Categories

Come on in! Join Pinterest today...it only takes like a second or so.

Visit Site
✡ JIDF ✡
✡ JIDF ✡ • 2 years ago

In Christian Antisemitism: A History of Hate, Professor William Nicholls, a former minister in the Anglican Church and the founder of the Department of Religious Studies at the University of British Columbia, presents his stunning research, stating that Christian teaching is primarily responsible for antisemitism.

Related Pins:

Christian antisemitism in the 20th Century

1915 Leo Frank, lynched in southern USA, home of the KKK and other racist and antisemitic fringe groups. Falsely accused of rape, convicted and sentenced to death, then having the sentence commuted to life, Leo was lynched by a rabidly antisemitic crowd. The image of Leo, hanging from a tree, is still prized today by the townsfolk responsible.

Known as the Tower of Faces this three-story tower displays photographs from the Yaffa Eliach Shtetl Collection. Taken between 1890 and 1941 in Eishishok, a small town in what is now Lithuania, they describe a vibrant Jewish community that existed for 900 years. In 1941, an SS mobile killing squad entered the village and within two days massacred the entire Jewish population.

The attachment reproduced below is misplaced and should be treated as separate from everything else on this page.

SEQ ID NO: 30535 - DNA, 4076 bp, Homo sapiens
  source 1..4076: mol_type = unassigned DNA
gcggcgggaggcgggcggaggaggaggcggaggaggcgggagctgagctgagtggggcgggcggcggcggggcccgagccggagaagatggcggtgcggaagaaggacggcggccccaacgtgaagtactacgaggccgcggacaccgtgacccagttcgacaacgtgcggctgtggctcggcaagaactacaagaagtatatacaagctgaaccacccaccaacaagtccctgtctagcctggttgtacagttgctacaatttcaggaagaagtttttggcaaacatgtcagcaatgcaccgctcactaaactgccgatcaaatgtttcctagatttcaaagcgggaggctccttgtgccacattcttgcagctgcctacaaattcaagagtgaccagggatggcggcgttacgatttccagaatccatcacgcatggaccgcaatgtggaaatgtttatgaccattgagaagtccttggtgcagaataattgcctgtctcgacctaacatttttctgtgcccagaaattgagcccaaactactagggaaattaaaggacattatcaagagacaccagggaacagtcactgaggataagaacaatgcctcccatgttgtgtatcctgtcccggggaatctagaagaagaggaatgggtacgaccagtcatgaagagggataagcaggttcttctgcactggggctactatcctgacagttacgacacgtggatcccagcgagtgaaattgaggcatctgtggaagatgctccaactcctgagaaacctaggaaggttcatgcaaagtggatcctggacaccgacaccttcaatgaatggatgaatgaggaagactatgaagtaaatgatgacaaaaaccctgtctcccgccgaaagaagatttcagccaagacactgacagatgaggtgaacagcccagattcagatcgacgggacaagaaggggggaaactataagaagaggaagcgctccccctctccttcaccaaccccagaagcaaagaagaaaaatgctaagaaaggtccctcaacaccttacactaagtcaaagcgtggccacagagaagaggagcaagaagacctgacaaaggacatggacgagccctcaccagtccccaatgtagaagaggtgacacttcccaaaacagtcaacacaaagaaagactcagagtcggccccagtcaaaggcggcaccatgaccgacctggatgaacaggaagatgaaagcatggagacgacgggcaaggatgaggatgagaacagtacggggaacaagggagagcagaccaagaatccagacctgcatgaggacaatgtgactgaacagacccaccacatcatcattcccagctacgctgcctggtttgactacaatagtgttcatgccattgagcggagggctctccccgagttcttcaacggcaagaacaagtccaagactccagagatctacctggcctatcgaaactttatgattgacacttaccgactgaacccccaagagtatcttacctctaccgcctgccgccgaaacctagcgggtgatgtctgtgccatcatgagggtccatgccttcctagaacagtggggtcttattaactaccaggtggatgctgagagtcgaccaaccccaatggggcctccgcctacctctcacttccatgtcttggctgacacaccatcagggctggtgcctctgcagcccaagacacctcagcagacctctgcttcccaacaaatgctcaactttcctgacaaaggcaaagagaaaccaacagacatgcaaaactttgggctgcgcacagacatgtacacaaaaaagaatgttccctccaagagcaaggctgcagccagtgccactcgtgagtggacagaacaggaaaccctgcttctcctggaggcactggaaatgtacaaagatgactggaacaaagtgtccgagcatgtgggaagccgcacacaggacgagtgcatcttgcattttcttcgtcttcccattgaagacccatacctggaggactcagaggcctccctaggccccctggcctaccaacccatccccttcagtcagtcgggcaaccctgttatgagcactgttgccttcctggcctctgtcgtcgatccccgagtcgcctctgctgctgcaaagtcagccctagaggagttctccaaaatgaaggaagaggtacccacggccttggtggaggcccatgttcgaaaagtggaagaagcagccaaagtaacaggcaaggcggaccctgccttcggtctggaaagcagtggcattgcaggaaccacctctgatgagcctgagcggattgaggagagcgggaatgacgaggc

In 1939, 930 German Jewish refugees were denied entry to Cuba, the United States, and Canada. 254 later died in Auschwitz and Sobibor.

John Calvin. A prominent and influential 16th century Protestant leader who wrote a book called "A Response To Questions and Objections of a Certain Jew". Excerpts include: "Their [the Jews] rotten and unbending stiffneckedness deserves that they be oppressed unendingly and without measure or end and that they die in their misery without the pity of anyone."

1298, Germany. Over 100,000 Jews were massacred in Southern and Central Germany. The attacks were led by a Knight named Rindfleisch who pledged to exterminate "the accursed race of the Jews" upon hearing of alleged 'host desecration', an antisemitic canard whereby Jews allegedly insult the Christian Eucharist. The entire ancient Jewish community of Würzburg was wiped out.

Rita Levi-Montalcini saw her theories sniffed at in 1950-60s & went on to win a Nobel Prize in 1986. She defied her father by going to medical school; she defied the fascists who barred her from academia by setting up a lab in her bedroom; she braved a move to St. Louis where she worked until she retired in 1979; slept 5 hours a night, 1 meal a day, continued working long after retirement, only to discover nerve growth factor that revolutionized our thinking about nerves. We are in her debt.